Black Harvest Film Festival 2017
August 5 - 31, 2017
From August 5 through 31, the Gene Siskel Film Center presents the 23rd Annual Black Harvest Film Festival, a vibrant month-long celebration of independent films that tell the stories and explore the images, heritage, and history of the worldwide black experience. Join us for in-depth post-film encounters with filmmakers, as more directors, writers, production personnel, and cast members than ever appear for audience discussion.
The festival opens on Saturday, August 5, with the enticing shorts program "A Black Harvest Feast." Felicia Middlebrooks of WBBM/CBS and Christian Farr of NBC 5 Chicago host a show that includes presentation of the Deloris Jordan Award for Excellence in Community Leadership to Donnie Smith and Che “Rhymefest” Smith. Immediately after the show, the audience is invited to a reception across the street at the Joffrey Ballet studios.
Our closing night on Thursday, August 31, is a celebration of the twentieth anniversary of love jones starring Larenz Tate and Nia Long, a Chicago-made romantic comedy-drama. Our screening of an archival 35mm print from the Academy of Motion Picture Arts and Sciences includes a personal appearance by director Theodore Witcher, a graduate of Columbia College Chicago.
All films are eligible for the Black Harvest Audience Award; ballots available in our lobby. Be sure to regularly check back for added appearances and special events.
More than forty filmmaker appearances are scheduled as we go to press, with more pending. Special events include the presentation of the Gene Siskel Film Center Legacy Award at the August 6 screening of TELL THEM WE ARE RISING to Margaret Caples, executive director of the Community Film Workshop and co-founder of Diverse Voices in Docs. Legendary animator Floyd Norman, the first African American artist hired by Disney, conducts a must-see Master Class on August 26, prior to a screening of the documentary FLOYD NORMAN: AN ANIMATED LIFE, at which he also appears for Q&A with director Michael Fiore.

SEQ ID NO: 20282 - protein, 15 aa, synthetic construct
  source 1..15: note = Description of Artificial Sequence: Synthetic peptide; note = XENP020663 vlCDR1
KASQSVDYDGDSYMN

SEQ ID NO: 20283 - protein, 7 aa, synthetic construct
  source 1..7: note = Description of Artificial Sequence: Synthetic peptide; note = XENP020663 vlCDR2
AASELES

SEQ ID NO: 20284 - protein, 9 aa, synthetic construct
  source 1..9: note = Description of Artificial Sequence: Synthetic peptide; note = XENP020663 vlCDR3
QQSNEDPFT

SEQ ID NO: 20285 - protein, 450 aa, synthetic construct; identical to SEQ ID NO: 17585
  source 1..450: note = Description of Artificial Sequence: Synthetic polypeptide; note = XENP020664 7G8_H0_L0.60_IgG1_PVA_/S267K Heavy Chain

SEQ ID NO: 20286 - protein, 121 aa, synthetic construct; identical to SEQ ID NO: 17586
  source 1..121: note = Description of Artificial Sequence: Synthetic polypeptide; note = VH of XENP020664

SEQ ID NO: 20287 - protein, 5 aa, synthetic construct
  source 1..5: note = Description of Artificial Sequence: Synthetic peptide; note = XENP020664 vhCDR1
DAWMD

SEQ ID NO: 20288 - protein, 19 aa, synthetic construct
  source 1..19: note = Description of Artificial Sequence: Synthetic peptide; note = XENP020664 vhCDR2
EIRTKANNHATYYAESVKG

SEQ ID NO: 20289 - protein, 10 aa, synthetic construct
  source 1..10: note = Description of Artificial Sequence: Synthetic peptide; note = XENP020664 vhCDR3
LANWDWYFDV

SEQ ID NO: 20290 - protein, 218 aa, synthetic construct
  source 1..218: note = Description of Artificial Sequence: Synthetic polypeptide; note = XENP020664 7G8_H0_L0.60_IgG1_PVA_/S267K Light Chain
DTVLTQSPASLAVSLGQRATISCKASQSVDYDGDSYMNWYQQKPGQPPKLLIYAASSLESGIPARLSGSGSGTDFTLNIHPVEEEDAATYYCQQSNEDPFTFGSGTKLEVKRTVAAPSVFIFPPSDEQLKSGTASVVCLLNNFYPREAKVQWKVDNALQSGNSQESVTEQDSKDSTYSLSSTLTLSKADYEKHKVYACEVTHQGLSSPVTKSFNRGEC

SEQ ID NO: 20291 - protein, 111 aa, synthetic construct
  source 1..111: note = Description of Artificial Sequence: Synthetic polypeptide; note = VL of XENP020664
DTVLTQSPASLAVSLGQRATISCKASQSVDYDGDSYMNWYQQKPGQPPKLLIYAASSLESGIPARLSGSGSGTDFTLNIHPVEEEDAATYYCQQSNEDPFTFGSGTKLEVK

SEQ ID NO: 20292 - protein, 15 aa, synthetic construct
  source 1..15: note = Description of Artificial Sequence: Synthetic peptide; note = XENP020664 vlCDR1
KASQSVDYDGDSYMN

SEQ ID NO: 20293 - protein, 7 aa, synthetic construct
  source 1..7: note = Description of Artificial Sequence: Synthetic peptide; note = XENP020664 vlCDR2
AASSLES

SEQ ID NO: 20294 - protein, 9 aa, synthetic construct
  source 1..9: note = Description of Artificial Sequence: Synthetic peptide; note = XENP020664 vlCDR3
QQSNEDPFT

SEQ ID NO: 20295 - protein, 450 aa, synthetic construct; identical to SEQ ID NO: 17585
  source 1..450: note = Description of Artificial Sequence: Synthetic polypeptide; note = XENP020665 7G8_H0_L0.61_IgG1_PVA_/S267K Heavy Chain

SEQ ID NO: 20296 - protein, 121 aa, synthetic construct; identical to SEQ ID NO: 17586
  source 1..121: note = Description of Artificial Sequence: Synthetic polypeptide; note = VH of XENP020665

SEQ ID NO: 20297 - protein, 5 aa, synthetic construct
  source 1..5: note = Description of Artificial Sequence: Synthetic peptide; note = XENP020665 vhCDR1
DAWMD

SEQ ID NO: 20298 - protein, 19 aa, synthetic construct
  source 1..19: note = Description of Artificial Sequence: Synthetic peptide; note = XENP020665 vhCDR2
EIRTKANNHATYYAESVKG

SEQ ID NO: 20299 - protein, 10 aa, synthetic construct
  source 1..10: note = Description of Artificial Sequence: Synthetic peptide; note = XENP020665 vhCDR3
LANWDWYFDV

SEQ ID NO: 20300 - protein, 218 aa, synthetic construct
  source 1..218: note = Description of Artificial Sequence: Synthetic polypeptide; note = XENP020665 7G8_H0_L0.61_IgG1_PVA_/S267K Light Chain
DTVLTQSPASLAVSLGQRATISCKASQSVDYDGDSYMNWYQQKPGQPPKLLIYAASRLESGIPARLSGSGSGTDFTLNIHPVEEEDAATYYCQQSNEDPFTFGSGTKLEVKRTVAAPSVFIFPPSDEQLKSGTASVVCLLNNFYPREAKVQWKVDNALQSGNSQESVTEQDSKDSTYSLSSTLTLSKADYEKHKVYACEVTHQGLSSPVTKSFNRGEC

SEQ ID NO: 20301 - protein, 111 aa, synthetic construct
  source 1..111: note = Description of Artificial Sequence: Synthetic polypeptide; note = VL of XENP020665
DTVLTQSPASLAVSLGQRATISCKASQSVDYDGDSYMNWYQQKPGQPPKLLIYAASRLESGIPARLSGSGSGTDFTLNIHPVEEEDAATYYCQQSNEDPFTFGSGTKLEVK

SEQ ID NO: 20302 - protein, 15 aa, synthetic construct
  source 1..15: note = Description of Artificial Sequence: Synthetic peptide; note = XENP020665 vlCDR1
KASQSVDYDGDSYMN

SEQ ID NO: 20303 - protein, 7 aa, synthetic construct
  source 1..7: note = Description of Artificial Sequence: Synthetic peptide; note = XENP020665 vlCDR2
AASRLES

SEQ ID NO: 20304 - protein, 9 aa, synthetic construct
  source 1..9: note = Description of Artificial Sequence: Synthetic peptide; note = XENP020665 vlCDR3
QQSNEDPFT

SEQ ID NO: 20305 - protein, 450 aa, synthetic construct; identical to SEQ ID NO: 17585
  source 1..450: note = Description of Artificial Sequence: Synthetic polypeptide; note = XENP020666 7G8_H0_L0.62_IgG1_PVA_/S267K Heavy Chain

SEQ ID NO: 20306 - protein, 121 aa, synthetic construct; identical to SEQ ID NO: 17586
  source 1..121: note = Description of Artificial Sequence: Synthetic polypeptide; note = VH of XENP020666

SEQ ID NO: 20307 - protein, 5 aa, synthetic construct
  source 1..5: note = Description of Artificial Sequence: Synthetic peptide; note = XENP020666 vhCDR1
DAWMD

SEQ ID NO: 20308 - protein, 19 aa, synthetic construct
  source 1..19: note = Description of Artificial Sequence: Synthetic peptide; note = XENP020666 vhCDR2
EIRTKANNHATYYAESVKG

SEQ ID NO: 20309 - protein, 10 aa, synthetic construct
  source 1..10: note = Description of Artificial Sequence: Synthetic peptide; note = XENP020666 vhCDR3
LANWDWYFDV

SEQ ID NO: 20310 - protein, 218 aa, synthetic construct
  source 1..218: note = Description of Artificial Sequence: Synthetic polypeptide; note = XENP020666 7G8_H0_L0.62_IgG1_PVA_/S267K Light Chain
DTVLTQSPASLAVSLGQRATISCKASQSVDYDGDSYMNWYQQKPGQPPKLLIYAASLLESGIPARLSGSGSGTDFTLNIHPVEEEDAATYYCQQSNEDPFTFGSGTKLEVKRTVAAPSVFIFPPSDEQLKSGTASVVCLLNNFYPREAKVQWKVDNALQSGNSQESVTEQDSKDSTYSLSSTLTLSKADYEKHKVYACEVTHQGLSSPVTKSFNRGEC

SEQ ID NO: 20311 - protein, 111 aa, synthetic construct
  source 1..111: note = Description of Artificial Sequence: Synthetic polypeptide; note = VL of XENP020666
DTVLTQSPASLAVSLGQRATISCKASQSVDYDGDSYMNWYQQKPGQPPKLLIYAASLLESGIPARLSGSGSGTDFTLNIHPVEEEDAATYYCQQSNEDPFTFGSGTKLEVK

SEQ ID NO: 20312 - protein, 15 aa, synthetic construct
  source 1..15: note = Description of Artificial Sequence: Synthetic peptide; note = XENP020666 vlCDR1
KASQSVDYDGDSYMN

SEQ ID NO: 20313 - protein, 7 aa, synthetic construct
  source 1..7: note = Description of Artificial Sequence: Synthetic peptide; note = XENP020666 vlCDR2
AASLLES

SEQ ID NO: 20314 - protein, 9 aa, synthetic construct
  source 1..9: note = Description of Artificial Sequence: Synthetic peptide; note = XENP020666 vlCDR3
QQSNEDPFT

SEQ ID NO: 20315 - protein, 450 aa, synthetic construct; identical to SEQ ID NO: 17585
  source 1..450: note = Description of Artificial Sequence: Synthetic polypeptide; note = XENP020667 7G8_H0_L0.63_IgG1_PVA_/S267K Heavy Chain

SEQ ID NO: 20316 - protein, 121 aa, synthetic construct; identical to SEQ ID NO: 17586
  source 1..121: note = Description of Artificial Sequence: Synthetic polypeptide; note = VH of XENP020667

Features shot in Chicago include comedy-dramas THE BEST THING! by Kyle T. Miller and CALL CENTER by Anton Deshawn. Politics, community issues, and activism on Chicago’s South Side are the vital subjects explored in THE CHICAGO WAY by Donald Washington and BLUEPRINT FOR BRONZEVILLE by Tristan Hanson and Arlen Parsa.
Social issues and activism past and present on a national stage are seen in Stanley Nelson’s TELL THEM WE ARE RISING, Christopher Everett’s WILMINGTON ON FIRE, and Jonathan Olshefski’s QUEST. Renowned screenwriter and producer-director John Ridley appears on August 12 with the screening of LET IT FALL: LOS ANGELES 1982-1992.
Art and artists are featured in films including FLOYD NORMAN: AN ANIMATED LIFE, as well as Richard Kane’s I KNOW A MAN…ASHLEY BRYAN, a profile of the children’s author, illustrator, and puppeteer. An intimate look at the work of writer and performance artist Okwui Okpokwasili is seen in Andrew Rossi’s BRONX GOTHIC. Films with a unique perspective on the music world include Nick Broomfield’s WHITNEY: CAN I BE ME, covering the meteoric career and tragic death of Whitney Houston, and Michael Rubenstone’s ON THE SLY: IN SEARCH OF THE FAMILY STONE.